Perdue returns to midstate to kick off U.S. Senate media campaign

mstucka@macon.comFebruary 4, 2014 

David Perdue

WARNER ROBINS -- David Perdue returned to the midstate this week to launch the media campaign for his U.S. Senate bid with a new ad called “Outsider.”

But Perdue, 64, is anything but an outsider to Middle Georgia.

He was born in Macon and grew up in Warner Robins. His first cousin, former Gov. Sonny Perdue of Bonaire, was the keynote speaker at a media event earlier this week. His exposure to children who lived in Germany or Japan, whose families moved to work at Robins Air Force Base, oriented him to a life of living and working in the world.

Perhaps most dramatically, he met his wife at Lindsey Elementary School at a time when his father was principal.

“I spent a lot of time sitting in the principal’s office. That should not happen to any red-blooded American boy, I’ll tell you,” he said by phone Tuesday.

Now, Perdue’s campaign is built around the idea of essentially sending the federal government to the principal’s office.

Perdue, a former CEO of Dollar General and Reebok, said the U.S. Senate needs his business experience to teach the country how to grow the economy so it can reverse the deficit and start to erase the debt, now upward of $17 trillion.

In the primary, Perdue is expected to challenge a handful of other Republicans for the seat being vacated by Saxby Chambliss, including U.S. Reps. Paul Broun, Phil Gingrey and Jack Kingston, and former Georgia Secretary of State Karen Handel.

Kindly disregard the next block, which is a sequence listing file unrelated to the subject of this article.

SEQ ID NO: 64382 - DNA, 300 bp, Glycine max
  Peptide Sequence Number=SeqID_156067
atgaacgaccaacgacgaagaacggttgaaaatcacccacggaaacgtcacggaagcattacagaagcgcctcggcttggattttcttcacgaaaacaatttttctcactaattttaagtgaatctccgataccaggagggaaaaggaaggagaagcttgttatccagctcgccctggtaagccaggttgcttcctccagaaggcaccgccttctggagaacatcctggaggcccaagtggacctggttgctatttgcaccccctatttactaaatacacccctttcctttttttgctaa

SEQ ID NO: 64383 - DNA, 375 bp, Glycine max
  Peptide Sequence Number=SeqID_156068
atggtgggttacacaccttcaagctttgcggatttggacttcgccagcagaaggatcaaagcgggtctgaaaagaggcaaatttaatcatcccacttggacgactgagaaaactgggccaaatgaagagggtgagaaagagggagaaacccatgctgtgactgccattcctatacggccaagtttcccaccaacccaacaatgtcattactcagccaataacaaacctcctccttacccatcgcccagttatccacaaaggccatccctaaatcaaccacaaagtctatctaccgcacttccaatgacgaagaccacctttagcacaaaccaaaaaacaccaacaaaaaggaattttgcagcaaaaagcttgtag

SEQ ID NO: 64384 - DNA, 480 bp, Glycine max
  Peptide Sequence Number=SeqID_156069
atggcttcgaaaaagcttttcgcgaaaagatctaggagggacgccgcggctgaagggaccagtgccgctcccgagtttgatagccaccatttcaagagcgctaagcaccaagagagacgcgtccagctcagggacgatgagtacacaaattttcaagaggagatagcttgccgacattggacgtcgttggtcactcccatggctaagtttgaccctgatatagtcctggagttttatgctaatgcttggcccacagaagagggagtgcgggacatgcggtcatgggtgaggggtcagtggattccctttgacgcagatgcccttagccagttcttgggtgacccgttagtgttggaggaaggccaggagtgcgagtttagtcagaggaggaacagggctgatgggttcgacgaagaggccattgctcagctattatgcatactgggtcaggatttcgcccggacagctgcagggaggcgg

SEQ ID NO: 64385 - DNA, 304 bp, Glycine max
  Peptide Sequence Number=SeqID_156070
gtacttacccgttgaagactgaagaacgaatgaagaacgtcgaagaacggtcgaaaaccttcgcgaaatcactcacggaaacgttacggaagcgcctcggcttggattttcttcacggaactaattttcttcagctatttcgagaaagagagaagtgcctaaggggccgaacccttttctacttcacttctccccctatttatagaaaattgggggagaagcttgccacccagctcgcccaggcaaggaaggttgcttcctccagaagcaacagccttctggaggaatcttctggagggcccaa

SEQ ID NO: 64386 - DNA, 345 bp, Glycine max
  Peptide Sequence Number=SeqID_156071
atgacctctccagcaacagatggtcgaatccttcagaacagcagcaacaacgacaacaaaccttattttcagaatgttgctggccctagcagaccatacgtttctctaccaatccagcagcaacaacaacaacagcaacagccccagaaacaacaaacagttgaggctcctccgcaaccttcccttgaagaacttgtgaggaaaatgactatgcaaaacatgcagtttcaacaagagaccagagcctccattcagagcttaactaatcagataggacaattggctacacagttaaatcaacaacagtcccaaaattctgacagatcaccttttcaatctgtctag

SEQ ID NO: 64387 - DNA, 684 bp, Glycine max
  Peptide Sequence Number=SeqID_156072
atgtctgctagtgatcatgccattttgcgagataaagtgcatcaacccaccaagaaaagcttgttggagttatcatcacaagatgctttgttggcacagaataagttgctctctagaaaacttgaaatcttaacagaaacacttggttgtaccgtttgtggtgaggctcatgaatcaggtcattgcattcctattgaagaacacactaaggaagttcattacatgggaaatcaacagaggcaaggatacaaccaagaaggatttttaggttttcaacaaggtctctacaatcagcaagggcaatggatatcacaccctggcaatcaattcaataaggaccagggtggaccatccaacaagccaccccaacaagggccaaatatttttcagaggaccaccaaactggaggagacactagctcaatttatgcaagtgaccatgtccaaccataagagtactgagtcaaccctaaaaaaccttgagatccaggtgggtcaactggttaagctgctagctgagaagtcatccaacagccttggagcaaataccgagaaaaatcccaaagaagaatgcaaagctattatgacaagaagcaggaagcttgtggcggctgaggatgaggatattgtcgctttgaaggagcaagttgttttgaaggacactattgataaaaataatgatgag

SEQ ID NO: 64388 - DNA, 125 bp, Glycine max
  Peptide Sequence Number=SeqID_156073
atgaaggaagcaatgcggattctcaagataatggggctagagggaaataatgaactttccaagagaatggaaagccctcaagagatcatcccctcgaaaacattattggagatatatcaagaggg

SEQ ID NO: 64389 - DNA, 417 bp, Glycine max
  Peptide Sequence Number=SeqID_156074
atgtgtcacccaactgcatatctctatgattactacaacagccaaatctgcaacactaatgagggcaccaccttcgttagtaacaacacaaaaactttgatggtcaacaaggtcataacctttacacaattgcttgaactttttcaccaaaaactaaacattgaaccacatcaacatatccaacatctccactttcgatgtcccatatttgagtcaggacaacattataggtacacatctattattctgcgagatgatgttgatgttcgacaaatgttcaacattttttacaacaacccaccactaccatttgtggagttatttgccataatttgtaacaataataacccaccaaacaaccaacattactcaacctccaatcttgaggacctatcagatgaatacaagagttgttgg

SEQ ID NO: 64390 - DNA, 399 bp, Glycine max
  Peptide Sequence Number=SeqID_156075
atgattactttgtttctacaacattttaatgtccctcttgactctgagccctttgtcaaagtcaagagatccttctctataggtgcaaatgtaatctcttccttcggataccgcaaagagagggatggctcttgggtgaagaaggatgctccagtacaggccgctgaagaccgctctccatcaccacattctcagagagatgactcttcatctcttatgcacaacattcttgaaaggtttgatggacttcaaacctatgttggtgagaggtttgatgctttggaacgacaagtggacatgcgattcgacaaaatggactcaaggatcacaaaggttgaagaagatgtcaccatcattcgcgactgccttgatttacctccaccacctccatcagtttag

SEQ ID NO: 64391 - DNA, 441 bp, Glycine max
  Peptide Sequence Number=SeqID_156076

“We have four politicians who have been in office 63 years,” he said. “They’ve run for office 39 times. I think if they were going to make a difference they would have done so.”

Perdue said the U.S. can grow its way out of the deficit, much as Georgia’s government finances improved a decade ago.

“The U.S. government has got to get serious about getting out of the way of small business in America and letting it grow. That’s what it wants to do,” he said.

Specifically, he said he’d try to let U.S. companies bring home overseas profits without taxation to get more money into the country, invest in two-year technical colleges to get more trained workers into the economy, and lower requirements on how much cash small banks need to keep behind.

Perdue has never held elected office, but his business experience has led him to live and work around the world. He said what he learned in Middle Georgia has carried him through.

If Perdue wins the Republican nomination, he could face someone who also has midstate ties -- Democrat Michelle Nunn, the daughter of former U.S. Sen. Sam Nunn of Perry. Perdue said he loves Nunn’s family but doesn’t think she’s had the career to prepare her for the Senate, as he has.

“Michelle’s had a nice career. We’ve hired one community organizer already. How’s that working for us?” he said.

To contact writer Mike Stucka, call 744-4251.

The Telegraph is pleased to provide this opportunity to share information, experiences and observations about what's in the news. Some of the comments may be reprinted elsewhere in the site or in the newspaper. We encourage lively, open debate on the issues of the day, and ask that you refrain from profanity, hate speech, personal comments and remarks that are off point. Thank you for taking the time to offer your thoughts.

Commenting FAQs | Terms of Service